Video gambling revenues growing in North Aurora
By Denise Linke For The Beacon-News May 8, 2013 4:34PM
Updated: June 10, 2013 2:15PM
NORTH AURORA — Video gambling terminals are producing a small but steadily growing revenue stream for North Aurora.
Since terminals went online Jan. 1 at The Little Red Schoolhouse bar and restaurant, the village has received $3,730 in state gambling tax proceeds, reported Finance Director Bill Hannah. Monthly revenues have grown from $1,090 in January to $1,174 in February and $1,466 in March, according to Illinois Gaming Board records.
So far, The Little Red Schoolhouse is the only one of the village’s 12 liquor license holders to install the state-sponsored machines, even though several other bar owners petitioned the Village Board last summer to not ban them. Trustees approved a ban June 18, 2012, then reversed that decision July 16, 2012.
If all 12 liquor license holders installed the maximum five terminals each, the village could potentially make more than $300,000 per year from its share of state gambling tax proceeds, plus a local $25 licensing fee per terminal per year, then-Village Administrator Wes Kornowske said last summer.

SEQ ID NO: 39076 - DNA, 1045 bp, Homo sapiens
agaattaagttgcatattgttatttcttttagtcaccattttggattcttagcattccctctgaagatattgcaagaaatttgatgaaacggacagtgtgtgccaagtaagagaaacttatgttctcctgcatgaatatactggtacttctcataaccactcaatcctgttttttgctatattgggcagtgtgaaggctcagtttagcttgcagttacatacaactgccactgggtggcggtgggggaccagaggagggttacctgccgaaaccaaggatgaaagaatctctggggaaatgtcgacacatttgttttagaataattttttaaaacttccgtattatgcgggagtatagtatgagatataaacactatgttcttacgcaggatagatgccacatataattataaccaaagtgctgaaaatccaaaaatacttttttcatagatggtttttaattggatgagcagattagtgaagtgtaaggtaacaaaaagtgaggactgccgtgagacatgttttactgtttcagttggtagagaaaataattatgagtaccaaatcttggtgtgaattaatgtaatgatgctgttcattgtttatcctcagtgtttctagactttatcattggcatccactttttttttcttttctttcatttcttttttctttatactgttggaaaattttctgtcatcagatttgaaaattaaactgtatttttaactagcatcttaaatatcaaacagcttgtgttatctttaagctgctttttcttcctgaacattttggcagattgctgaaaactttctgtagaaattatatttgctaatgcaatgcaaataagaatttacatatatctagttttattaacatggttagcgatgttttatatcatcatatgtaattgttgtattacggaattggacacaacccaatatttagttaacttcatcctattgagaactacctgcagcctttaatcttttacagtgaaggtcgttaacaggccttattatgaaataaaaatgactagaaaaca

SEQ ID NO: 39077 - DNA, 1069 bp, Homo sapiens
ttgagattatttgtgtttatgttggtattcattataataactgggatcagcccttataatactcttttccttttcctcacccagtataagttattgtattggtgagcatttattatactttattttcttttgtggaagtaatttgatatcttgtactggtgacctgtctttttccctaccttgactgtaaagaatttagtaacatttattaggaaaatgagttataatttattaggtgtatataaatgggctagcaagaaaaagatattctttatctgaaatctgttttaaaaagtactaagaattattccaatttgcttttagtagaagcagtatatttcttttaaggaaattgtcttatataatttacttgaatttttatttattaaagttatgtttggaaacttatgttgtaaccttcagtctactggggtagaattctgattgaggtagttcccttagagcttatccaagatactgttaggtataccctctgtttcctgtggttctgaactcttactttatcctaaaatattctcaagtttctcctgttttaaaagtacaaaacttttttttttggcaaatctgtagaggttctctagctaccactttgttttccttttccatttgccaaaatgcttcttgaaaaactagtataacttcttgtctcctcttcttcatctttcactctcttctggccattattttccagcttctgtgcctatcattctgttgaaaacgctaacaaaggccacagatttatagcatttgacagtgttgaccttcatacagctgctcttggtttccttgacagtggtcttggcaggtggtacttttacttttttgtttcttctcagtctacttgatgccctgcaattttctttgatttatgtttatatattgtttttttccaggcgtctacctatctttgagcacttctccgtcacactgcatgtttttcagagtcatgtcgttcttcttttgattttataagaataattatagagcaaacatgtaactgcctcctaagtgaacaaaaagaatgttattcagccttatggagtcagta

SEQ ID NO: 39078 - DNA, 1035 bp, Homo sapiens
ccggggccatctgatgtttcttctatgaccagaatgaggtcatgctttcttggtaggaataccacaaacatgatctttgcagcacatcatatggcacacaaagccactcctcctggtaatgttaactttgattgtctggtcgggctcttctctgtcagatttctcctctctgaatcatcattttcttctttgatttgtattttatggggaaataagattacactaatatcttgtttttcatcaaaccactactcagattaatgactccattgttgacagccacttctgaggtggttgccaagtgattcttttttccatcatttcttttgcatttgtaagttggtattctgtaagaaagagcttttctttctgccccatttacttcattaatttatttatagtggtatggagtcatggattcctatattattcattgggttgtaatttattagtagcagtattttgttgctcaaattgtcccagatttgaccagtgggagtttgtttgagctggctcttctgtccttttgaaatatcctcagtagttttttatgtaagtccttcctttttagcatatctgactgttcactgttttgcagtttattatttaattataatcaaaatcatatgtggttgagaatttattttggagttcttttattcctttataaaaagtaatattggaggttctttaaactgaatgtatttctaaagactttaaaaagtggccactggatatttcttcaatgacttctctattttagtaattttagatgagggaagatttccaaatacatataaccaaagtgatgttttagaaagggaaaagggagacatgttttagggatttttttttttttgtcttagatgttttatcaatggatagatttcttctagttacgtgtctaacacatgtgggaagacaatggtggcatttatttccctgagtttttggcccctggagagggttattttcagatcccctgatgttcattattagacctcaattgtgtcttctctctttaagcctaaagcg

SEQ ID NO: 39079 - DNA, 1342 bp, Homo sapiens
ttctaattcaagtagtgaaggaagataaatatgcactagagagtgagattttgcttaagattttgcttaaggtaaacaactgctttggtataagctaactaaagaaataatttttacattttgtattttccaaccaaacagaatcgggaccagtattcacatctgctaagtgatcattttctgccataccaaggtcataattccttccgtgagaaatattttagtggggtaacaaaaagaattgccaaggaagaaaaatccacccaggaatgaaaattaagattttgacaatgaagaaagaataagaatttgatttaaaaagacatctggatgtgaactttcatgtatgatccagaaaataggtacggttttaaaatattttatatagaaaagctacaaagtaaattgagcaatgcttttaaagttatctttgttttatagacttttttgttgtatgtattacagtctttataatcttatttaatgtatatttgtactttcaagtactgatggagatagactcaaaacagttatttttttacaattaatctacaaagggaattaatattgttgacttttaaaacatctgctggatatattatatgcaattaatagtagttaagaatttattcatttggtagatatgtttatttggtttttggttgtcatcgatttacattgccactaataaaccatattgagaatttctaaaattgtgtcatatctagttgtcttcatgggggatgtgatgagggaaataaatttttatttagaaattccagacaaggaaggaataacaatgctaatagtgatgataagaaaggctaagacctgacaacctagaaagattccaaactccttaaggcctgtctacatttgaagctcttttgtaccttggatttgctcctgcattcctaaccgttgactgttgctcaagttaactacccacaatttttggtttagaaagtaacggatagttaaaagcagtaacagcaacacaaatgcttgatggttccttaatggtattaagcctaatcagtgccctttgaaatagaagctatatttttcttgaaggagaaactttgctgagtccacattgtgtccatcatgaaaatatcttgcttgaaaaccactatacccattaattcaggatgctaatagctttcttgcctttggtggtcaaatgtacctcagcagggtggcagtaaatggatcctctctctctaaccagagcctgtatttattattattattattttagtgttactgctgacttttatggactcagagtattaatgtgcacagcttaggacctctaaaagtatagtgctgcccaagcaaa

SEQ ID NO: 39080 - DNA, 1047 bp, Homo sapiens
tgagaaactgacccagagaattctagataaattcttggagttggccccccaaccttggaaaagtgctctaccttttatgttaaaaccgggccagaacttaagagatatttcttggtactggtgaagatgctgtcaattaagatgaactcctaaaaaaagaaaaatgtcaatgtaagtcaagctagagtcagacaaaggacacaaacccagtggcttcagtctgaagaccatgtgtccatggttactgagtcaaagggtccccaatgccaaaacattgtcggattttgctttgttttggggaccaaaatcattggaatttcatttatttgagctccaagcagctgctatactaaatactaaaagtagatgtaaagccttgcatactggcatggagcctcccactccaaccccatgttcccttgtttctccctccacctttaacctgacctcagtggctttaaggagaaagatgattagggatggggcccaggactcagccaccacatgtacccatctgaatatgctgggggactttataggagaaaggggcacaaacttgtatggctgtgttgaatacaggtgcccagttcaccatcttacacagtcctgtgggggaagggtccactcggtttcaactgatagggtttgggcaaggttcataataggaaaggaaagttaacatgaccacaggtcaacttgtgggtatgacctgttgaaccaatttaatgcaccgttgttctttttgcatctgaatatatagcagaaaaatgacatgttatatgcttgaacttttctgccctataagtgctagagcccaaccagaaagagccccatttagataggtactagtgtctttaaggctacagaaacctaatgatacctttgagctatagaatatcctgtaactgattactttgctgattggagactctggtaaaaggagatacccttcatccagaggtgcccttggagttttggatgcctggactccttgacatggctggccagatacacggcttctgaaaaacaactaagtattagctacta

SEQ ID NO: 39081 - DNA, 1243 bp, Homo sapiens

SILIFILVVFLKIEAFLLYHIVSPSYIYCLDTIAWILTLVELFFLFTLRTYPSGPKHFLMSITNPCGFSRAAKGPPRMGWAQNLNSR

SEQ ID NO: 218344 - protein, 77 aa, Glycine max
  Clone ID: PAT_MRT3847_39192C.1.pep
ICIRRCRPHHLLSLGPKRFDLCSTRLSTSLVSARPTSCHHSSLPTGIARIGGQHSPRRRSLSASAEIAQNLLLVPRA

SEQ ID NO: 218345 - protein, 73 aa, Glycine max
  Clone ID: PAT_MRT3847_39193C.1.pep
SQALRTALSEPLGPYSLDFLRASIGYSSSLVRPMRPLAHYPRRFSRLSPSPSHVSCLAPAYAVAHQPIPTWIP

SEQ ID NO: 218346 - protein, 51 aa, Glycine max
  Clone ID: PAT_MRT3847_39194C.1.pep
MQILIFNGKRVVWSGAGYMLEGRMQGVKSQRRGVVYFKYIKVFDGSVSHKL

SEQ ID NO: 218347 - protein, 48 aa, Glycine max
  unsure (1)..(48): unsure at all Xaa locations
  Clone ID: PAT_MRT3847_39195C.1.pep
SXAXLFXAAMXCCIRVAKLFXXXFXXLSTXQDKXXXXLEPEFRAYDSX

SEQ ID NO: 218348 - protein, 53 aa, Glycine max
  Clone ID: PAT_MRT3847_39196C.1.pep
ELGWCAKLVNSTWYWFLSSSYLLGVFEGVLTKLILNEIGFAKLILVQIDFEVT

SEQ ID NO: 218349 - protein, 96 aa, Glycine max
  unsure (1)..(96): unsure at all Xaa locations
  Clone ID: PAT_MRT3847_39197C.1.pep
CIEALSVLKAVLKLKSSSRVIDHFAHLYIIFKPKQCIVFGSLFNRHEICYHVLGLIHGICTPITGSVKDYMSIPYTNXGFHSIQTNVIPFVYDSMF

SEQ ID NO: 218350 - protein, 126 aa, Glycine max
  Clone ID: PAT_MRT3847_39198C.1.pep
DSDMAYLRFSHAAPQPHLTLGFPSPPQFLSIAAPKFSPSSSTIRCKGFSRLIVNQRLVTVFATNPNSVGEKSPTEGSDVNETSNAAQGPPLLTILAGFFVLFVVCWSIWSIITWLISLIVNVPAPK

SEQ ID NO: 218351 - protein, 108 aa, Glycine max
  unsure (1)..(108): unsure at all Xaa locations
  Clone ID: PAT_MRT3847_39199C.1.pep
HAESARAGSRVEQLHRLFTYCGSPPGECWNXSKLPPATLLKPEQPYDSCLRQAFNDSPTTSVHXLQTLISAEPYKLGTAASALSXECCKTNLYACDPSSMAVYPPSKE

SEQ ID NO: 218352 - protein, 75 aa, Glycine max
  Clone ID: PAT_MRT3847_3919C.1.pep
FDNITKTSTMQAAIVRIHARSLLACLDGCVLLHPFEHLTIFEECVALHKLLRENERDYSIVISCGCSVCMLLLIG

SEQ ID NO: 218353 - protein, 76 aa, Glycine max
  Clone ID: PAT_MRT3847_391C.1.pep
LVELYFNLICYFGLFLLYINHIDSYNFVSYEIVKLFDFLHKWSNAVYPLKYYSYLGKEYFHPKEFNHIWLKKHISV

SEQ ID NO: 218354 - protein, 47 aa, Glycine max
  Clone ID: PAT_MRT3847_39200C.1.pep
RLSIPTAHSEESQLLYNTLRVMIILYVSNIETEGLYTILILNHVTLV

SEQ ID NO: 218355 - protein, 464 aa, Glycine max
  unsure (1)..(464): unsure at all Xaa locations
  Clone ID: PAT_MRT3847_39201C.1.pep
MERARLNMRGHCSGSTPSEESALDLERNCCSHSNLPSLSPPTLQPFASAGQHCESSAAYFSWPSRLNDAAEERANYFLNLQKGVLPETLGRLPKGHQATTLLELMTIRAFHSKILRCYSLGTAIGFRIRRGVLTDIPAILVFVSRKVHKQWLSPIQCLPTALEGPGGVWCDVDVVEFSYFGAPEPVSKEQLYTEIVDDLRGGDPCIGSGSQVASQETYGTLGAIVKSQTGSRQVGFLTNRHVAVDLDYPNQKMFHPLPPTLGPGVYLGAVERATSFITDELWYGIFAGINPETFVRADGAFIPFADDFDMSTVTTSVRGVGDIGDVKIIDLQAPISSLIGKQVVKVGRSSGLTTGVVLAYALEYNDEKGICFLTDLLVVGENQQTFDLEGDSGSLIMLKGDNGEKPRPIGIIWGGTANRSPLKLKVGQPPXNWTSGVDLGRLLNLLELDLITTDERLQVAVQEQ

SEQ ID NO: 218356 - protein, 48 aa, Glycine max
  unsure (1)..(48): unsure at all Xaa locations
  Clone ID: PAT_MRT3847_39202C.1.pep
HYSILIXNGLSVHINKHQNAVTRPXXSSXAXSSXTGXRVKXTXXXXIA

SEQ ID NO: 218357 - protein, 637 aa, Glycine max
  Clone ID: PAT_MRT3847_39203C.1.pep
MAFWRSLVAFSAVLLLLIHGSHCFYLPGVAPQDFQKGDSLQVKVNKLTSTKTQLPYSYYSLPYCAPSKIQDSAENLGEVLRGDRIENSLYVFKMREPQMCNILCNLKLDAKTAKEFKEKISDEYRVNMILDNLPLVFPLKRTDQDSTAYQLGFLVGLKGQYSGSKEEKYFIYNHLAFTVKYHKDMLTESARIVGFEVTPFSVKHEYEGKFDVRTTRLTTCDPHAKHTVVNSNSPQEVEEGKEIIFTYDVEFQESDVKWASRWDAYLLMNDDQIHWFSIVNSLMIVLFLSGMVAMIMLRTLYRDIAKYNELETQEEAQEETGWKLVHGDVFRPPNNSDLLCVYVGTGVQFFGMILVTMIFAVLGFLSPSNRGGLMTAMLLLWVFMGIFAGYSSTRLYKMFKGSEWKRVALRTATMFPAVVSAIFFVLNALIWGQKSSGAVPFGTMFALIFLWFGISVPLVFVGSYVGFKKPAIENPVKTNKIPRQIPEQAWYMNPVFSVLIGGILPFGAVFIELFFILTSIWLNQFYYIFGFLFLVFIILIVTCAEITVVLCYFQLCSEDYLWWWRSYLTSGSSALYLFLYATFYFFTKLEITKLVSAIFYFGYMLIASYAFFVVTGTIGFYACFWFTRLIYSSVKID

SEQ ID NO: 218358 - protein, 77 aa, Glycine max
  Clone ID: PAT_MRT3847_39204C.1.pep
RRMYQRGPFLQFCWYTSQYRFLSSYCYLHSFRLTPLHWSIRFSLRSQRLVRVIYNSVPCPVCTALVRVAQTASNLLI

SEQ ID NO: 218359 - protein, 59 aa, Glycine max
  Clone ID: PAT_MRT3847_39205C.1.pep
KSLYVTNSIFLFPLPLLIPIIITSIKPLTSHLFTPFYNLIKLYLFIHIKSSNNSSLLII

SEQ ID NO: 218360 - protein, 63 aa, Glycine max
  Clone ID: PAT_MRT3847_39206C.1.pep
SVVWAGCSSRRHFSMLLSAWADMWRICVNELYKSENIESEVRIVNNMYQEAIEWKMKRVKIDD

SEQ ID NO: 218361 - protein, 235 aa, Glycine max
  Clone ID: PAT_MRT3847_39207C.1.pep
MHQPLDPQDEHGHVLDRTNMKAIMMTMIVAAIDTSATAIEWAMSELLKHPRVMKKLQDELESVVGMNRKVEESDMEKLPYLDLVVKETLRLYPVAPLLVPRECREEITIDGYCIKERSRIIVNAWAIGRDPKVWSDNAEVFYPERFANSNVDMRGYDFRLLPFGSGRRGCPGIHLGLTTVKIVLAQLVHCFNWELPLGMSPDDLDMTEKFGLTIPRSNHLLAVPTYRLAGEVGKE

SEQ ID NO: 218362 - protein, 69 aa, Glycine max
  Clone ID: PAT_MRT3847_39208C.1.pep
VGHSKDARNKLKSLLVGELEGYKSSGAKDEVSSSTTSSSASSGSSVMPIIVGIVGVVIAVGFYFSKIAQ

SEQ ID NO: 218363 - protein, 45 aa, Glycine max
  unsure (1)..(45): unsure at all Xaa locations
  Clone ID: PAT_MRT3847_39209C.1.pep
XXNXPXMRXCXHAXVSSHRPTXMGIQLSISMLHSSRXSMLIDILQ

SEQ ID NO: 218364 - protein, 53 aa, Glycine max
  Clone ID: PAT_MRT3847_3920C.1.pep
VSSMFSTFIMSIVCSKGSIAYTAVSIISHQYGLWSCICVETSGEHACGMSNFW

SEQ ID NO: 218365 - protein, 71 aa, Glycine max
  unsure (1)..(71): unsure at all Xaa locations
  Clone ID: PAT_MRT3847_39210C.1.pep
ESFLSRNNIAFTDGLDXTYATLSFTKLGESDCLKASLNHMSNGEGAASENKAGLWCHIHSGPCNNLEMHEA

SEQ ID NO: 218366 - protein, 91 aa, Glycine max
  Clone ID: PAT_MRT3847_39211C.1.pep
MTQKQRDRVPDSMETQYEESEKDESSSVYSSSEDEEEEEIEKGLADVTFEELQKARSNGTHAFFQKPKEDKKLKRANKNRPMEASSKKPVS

At that time, Kornowske also said the village could levy its 3 percent amusement tax on video gambling terminal profits, but the state has since made that illegal. Trustees Monday approved an ordinance amendment to remove the amusement tax provision for the terminals.
More than 430 communities have joined the state videogame terminal system since it went live in October 2012, state records show, though only a few are located in the Fox Valley. Sandwich and unincorporated Kane County, which have participated since October, have reaped $6,489 and $19,153 in tax revenues so far. Yorkville, which activated terminals in December 2012, has earned $2,299, while South Elgin, which began its program in January, has made $5,927. Aurora, which brought its first terminals online in March, made $814 that month.
Overall, Illinois has taken in $13.6 million in new taxes since the video gambling system opened, of which $2.78 million has been disbursed to local governments based on terminal usage in their areas.